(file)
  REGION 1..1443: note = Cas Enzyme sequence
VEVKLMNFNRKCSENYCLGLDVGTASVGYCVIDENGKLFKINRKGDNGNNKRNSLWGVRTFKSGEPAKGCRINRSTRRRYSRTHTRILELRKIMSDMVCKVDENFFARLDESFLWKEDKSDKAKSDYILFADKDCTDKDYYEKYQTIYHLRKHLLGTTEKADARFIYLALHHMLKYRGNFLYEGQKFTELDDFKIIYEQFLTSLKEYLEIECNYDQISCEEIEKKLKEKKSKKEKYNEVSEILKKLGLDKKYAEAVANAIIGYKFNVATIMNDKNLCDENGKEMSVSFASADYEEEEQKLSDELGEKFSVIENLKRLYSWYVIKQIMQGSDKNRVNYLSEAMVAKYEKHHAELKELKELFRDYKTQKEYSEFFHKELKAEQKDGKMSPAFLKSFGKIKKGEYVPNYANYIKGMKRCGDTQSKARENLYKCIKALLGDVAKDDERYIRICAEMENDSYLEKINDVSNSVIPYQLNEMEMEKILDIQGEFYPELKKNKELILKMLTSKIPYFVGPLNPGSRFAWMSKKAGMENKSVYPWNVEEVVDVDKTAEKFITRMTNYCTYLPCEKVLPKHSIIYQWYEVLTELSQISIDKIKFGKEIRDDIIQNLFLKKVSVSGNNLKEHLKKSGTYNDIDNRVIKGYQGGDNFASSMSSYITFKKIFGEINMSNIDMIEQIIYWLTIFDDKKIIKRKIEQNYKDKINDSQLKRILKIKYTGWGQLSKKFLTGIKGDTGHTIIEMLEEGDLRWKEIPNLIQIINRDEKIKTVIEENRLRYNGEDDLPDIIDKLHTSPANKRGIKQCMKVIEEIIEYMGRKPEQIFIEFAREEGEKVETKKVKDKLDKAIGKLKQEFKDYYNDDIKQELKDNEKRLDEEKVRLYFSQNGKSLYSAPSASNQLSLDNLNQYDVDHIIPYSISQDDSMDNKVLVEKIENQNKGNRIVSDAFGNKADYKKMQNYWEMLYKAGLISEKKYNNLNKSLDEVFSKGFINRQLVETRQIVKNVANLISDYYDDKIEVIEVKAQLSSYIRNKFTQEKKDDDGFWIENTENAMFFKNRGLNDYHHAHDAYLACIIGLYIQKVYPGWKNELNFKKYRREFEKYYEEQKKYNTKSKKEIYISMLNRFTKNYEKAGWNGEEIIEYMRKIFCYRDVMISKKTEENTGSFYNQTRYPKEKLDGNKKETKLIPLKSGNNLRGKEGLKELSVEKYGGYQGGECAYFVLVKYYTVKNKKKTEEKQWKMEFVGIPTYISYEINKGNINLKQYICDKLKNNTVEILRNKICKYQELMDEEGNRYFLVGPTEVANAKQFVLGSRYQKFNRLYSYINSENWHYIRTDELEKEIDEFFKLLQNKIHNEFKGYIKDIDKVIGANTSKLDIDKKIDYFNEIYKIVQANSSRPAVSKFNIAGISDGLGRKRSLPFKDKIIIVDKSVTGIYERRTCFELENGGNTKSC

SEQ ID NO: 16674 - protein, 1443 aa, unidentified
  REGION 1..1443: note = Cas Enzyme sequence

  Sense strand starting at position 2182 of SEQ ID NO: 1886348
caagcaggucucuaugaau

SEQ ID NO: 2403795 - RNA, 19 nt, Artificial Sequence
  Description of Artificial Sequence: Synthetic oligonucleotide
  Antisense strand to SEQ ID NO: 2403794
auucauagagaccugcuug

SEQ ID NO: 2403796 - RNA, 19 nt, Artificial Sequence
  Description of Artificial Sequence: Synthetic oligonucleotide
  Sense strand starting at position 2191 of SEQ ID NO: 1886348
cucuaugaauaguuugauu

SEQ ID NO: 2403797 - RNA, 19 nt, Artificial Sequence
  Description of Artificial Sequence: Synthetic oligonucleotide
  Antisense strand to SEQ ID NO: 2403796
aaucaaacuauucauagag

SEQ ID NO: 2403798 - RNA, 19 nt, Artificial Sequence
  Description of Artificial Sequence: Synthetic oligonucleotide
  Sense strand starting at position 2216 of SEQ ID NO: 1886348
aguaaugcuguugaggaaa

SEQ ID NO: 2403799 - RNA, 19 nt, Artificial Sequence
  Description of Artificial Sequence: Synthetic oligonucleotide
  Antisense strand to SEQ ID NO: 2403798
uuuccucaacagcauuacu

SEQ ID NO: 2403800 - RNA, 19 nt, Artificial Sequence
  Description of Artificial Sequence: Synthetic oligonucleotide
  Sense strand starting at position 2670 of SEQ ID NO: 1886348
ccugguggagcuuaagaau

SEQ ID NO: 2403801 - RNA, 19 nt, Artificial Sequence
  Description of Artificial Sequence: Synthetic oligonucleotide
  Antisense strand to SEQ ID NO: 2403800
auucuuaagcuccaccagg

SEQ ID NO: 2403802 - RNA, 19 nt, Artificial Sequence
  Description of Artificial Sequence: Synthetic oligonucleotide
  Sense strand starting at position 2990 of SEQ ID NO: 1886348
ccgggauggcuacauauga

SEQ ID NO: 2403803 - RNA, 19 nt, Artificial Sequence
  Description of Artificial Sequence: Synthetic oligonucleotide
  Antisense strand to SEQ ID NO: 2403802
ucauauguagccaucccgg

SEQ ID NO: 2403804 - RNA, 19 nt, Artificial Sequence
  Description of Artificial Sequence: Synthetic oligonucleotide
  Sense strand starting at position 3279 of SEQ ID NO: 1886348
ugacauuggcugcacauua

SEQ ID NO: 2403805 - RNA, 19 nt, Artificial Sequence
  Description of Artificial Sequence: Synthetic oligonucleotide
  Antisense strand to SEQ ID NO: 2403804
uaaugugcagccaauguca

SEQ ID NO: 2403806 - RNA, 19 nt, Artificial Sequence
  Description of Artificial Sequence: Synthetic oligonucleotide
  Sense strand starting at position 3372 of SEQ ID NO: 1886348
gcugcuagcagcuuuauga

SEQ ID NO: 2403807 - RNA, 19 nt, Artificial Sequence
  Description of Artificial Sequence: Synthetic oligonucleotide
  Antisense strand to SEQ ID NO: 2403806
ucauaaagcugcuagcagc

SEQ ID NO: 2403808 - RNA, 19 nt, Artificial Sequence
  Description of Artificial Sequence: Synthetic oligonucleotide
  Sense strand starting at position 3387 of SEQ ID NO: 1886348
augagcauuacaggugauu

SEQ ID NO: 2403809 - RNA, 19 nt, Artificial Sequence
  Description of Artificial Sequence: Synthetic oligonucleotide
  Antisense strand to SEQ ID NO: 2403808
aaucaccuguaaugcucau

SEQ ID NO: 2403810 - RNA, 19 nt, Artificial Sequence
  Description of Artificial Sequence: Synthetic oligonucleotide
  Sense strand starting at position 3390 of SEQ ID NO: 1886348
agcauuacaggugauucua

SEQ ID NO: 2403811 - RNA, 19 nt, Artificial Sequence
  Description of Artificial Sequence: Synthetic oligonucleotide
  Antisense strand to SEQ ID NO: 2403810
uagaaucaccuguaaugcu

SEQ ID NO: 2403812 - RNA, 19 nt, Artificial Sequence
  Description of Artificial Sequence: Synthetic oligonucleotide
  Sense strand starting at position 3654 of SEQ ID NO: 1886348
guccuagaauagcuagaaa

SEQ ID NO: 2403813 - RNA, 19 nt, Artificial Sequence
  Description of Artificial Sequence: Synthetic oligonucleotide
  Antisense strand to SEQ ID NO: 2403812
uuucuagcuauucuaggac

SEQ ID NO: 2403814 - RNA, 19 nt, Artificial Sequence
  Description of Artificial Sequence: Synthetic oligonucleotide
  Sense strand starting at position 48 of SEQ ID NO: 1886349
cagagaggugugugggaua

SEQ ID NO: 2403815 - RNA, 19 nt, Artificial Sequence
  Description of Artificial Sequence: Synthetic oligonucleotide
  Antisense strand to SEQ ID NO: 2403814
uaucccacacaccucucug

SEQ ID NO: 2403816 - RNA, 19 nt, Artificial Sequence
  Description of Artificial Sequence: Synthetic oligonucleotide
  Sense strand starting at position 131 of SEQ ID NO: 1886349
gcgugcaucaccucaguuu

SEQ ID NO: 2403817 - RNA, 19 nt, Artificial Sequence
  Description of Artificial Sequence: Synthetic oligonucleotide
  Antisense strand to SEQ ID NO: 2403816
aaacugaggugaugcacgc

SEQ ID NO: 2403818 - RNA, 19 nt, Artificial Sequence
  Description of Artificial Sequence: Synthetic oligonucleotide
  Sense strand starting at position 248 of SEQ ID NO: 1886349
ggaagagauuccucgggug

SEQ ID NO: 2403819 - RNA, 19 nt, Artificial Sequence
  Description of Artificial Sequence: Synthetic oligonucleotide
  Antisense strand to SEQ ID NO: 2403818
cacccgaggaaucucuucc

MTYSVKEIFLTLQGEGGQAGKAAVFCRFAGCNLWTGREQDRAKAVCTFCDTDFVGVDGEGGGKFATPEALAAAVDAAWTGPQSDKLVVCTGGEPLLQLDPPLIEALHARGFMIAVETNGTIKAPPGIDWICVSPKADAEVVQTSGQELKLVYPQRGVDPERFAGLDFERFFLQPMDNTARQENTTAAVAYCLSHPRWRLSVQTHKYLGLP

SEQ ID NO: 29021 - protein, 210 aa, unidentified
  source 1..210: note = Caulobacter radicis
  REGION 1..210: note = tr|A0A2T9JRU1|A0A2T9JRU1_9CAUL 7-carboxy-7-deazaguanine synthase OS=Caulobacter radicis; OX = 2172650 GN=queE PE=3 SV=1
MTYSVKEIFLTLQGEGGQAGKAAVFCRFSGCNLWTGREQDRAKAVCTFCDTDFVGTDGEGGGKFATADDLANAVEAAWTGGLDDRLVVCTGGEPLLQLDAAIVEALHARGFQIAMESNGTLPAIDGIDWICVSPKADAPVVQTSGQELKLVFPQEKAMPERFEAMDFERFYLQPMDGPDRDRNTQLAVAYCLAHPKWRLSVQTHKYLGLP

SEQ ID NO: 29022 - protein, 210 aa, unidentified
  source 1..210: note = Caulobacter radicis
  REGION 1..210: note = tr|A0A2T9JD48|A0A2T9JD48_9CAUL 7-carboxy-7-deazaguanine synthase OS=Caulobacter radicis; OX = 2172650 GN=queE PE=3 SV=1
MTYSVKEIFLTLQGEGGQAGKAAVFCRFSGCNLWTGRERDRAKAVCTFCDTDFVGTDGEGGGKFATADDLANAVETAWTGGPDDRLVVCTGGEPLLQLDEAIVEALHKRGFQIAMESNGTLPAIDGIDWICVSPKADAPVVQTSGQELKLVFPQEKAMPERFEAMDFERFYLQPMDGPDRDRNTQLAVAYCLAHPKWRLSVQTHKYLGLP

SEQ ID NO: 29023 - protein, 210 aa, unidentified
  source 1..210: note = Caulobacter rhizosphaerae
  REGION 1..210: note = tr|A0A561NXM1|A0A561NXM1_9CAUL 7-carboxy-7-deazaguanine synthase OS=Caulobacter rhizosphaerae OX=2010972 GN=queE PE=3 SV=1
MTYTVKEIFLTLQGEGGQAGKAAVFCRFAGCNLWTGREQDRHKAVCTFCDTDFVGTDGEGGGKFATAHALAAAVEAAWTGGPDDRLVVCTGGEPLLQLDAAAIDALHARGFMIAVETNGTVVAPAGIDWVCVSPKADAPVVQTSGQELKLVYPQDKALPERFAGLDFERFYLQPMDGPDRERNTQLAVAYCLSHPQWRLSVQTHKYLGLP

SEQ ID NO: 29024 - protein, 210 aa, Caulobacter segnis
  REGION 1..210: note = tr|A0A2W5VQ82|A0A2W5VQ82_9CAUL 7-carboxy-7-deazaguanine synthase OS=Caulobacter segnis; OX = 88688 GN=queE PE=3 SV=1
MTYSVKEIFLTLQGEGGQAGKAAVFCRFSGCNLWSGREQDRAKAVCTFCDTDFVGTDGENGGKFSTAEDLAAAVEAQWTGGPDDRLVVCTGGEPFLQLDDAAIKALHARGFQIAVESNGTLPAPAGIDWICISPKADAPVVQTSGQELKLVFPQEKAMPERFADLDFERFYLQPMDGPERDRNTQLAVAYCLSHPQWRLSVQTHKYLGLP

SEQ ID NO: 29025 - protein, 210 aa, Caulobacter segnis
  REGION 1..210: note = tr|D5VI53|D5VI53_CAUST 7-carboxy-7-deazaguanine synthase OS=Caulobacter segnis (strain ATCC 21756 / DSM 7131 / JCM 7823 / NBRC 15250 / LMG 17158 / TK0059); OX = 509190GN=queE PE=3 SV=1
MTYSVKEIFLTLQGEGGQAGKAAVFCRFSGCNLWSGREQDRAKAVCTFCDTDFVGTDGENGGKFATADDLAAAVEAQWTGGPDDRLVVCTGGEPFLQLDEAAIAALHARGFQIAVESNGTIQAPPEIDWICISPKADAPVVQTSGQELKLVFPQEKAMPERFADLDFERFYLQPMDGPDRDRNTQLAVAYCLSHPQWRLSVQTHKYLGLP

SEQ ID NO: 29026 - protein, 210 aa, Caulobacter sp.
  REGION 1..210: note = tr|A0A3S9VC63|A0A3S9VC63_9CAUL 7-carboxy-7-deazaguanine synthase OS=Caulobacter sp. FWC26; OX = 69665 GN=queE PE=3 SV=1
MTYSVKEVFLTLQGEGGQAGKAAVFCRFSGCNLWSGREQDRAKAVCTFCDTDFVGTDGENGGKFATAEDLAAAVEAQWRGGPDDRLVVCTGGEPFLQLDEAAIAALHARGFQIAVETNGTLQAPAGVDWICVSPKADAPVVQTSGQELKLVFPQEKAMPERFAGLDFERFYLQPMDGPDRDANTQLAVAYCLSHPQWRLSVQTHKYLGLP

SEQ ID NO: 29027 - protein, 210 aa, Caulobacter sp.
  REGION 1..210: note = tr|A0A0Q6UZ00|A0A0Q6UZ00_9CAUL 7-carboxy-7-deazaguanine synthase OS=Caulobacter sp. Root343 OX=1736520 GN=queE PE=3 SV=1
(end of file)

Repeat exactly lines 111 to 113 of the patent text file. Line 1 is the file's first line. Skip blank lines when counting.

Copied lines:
MTYSVKEIFLTLQGEGGQAGKAAVFCRFSGCNLWTGREQDRAKAVCTFCDTDFVGTDGEGGGKFATADDLANAVEAAWTGGLDDRLVVCTGGEPLLQLDAAIVEALHARGFQIAMESNGTLPAIDGIDWICVSPKADAPVVQTSGQELKLVFPQEKAMPERFEAMDFERFYLQPMDGPDRDRNTQLAVAYCLAHPKWRLSVQTHKYLGLP

SEQ ID NO: 29022 - protein, 210 aa, unidentified
  source 1..210: note = Caulobacter radicis